Veteran French President Jacques Chirac has confirmed in a TV address that he will not be seeking a third term in office in April's election.
Mr Chirac, 74, has been president since 1995 and has had a political career spanning four decades.
"The moment has come for me to serve you in a different way," he said.
Recent polls show Interior Minister Nicolas Sarkozy has a narrow lead over his Socialist rival, Segolene Royal, ahead of the 22 April poll.
Mr Sarkozy, who has won backing from the governing centre-right UMP party, said he hoped to receive Mr Chirac's endorsement.
Mr Chirac told the nation in his Sunday evening address that he would find new ways to serve France after leaving office.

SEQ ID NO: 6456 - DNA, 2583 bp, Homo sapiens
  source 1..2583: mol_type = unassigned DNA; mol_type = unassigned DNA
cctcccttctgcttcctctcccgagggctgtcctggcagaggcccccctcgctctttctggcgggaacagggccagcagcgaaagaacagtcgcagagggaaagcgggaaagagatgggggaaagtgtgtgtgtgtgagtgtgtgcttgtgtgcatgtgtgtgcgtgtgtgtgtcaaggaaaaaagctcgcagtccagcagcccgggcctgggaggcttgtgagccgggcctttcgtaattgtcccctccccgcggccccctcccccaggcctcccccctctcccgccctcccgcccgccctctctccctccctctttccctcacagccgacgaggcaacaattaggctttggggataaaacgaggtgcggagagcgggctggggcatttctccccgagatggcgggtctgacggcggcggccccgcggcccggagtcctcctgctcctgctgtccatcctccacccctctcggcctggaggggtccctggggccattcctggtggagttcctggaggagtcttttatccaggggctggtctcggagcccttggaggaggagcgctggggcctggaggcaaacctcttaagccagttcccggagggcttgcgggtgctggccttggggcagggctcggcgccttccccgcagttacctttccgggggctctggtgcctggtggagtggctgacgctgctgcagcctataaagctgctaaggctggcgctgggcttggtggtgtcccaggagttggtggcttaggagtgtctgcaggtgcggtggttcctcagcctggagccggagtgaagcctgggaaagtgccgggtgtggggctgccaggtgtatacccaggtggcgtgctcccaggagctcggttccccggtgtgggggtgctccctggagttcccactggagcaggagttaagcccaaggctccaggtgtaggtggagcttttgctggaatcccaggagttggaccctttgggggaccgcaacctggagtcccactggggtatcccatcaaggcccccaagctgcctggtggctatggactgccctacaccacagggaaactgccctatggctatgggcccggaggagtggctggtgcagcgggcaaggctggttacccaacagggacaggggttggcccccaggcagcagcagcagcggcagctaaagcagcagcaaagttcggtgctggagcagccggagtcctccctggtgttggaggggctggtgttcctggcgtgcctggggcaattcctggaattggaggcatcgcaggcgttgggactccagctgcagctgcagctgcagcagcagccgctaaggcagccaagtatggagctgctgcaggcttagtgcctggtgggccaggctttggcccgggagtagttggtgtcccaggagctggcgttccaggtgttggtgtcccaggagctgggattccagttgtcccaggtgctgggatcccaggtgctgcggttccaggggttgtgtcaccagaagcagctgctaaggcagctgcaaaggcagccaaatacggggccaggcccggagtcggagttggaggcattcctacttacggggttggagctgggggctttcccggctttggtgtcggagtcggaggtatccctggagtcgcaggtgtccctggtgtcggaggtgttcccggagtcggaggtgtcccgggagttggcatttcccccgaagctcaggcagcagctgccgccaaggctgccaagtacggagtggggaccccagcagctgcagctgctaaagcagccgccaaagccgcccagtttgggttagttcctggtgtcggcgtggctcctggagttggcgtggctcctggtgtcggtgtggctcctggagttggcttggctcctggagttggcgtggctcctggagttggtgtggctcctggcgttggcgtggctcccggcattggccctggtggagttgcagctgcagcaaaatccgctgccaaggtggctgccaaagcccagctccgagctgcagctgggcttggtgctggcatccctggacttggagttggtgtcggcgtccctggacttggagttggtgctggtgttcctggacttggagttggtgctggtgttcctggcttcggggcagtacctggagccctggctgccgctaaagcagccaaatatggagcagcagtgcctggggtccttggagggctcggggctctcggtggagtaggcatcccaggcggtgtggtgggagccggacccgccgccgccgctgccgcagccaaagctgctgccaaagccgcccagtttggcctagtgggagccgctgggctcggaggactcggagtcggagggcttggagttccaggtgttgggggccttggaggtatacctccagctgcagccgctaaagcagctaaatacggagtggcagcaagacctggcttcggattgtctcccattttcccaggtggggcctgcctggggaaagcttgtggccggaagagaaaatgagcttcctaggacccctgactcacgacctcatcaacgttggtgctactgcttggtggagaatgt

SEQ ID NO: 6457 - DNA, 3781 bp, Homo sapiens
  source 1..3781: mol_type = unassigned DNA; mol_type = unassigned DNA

"In a different way, but with the same enthusiasm, and the same passion to work for you, I will continue to take part in our shared struggles - my life struggle - for justice, for progress, for peace, for the greatness of France," he said.
The president said he was "proud of the work which we have carried out together," citing in particular improvements for the elderly and the disabled, reforms of the pension system and reductions in crime and unemployment.
And he called on France to defend its values.
"France is not a country like others. It has particular responsibilities, the legacy of its history and the universal values it helped create," he said.